And Then There Was 1
Andrew Wiggins put on a show †Saturday in a losing effort against West Virginia that could end up defining his college career, unless he is able to carry an undermanned Kansas team deep into the tournament. The super freshman displayed why he could be a top-10 fantasy player in short order, pouring in 41 points on 12-of-18 from the field and 15-of-19 from the line, with eight rebounds, two assists, four blocks, five steals and two three-pointers in 39 minutes.
It's been a season of hype, unrealistic expectations, disappointment, hand-wringing, and for those who have been paying attention, moments of brilliance. I've been driving the Wiggins bandwagon on Twitter since the start of the season, even as Jabari Parker and Joel Embiid emerged at points as the flavor of the week. More and more college basketball writers and analysts have undersold Wiggins' potential at the next level, expressing disappointment with his freshman campaign. Saturday's performance, even though his team lost, had to leave Wiggins wanting to lob the bird at his detractors. At least, that's what it made me want to do. He probably couldn't care less what talking heads say about him, but I can't help but get sucked into the debate.
Physically, he was meant to play basketball at an insane level. I've never seen someone with his bounce around the rim. He can jump for an offensive rebound, come down, and be airborne again for the putback while everyone else is still rooted to the ground. His jumper needs refinement, but when it's on, it's smooth and easy, flashing the potential to be a real strength. In transition, Wiggins is the college version of the Miami Heat - devastating. His defense would be above average right now in the pros, and once he adds a little more size to his 200-pound frame, he profiles as someone who could earn First Team All-Defensive honors. Few players coming out of college as a freshman profile as someone who could take over a game on both sides of the ball in the NBA. That's what Wiggins can do. This is what a No. 1 overall pick looks like. People can argue that he isn't as aggressive as Kevin Durant was when he was in college. It's true. But I don't see how that's relevant to projecting Wiggins. He isn't supposed to be Kevin Durant. For me, he profiles as a Scottie Pippen type. Someone whose physical gifts will allow him to be a dominant defensive wing. A player who can be the best offensive player on the floor when necessary, but someone who can adapt to any offensive system, and doesn't necessarily need the ball to go through him on every play.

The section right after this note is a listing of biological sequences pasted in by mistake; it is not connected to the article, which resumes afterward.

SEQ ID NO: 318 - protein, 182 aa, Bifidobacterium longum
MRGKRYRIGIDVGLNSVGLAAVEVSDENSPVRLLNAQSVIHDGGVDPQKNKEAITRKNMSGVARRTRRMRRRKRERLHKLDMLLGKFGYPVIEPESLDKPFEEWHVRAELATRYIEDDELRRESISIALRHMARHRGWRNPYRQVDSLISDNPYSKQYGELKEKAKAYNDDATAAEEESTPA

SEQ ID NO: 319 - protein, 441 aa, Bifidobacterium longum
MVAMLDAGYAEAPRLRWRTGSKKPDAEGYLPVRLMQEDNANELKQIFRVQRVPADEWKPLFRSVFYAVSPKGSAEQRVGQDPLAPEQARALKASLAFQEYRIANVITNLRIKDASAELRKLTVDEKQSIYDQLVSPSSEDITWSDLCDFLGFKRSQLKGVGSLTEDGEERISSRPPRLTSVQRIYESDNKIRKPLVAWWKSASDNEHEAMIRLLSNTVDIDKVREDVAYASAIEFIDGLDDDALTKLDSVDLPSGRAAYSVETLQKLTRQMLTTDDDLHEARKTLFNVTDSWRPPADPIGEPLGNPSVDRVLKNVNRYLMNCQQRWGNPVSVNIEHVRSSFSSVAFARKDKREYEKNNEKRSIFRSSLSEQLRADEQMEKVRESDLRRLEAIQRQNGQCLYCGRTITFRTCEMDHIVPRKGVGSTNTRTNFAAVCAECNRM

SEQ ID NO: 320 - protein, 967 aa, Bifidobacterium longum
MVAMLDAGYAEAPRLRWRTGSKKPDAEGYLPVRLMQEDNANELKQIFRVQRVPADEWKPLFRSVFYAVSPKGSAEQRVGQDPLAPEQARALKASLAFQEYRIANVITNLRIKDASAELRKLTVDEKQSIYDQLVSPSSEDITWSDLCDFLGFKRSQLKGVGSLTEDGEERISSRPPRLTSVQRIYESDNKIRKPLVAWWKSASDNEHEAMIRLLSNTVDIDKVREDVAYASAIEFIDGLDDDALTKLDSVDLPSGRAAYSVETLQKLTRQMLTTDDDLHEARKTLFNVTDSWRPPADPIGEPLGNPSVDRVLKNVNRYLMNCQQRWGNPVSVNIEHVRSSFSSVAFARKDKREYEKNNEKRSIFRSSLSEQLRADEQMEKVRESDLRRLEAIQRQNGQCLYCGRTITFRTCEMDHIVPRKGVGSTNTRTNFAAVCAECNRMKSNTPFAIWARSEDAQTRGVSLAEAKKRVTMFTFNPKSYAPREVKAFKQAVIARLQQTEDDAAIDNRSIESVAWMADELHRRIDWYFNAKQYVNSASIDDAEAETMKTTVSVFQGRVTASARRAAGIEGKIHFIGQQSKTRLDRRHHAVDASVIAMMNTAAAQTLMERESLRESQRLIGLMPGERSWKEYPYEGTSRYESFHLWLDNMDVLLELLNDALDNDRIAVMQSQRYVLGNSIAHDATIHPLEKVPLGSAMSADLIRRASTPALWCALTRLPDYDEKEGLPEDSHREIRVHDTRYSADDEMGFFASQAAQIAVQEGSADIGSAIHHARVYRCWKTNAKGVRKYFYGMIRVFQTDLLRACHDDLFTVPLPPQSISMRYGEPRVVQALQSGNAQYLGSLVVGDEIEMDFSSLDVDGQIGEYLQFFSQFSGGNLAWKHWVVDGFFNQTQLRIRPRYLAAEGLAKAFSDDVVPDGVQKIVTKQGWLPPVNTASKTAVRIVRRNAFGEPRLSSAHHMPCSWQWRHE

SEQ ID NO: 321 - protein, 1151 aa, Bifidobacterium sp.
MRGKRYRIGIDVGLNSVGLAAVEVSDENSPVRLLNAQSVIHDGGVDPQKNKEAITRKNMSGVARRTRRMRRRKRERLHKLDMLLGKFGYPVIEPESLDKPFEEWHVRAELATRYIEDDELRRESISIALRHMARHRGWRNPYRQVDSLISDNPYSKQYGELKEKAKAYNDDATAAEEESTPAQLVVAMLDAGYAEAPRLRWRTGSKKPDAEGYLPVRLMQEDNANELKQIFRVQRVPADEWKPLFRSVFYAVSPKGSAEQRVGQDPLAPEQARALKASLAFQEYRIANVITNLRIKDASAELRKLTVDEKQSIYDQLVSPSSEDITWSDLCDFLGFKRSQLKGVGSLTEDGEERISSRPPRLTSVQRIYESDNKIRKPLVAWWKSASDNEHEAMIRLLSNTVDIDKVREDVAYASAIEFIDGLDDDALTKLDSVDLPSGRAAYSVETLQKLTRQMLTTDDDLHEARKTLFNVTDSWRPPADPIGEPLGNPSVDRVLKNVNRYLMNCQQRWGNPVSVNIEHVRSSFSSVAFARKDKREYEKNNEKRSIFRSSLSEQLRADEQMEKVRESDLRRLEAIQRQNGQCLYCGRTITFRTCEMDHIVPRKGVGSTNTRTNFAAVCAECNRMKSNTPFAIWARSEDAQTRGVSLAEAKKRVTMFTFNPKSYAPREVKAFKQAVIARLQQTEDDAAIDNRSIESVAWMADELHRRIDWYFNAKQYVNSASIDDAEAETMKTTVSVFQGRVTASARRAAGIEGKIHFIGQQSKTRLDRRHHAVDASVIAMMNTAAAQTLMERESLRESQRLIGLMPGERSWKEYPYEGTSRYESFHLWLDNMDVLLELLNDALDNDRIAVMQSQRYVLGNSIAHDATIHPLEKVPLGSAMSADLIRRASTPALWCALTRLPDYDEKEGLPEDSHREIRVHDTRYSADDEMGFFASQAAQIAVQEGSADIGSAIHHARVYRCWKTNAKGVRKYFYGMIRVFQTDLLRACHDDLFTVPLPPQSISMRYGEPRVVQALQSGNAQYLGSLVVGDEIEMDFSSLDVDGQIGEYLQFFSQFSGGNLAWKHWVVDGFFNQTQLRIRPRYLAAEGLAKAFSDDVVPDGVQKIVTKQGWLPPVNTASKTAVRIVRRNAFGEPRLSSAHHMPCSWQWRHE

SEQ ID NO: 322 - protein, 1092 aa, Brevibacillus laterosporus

Any coach would love to have him. Any fanbase would be lucky to get to watch him grow as a pro. And with increasingly worrisome news about Joel Embiid's back surfacing, it seems like a good showing in the NCAA tournament could ensure that Andrew Wiggins is the first name Adam Silver calls on draft day.
Each week, this article highlights players who are widely available in standard leagues that can help in specific roto categories. Remember, while each player highlighted can help in a specific category, there's no guarantee for production in other areas.
Kelly Olynyk, C, Celtics
There's some risk here, as Olynyk played just 17 minutes in Friday's game. But in his previous two games, he averaged 27.5 minutes with 20 points, 6.5 rebounds and two three-pointers per game. Even in Friday's game, he was still able to accumulate a quick 13 points, despite the limited run. Down the stretch, it wouldn't be surprising if the Celtics start giving him more consistent run to try to see what they have in the young center. He is available in 70 percent of Yahoo! leagues and almost all ESPN leagues. Matt Barnes is another option here.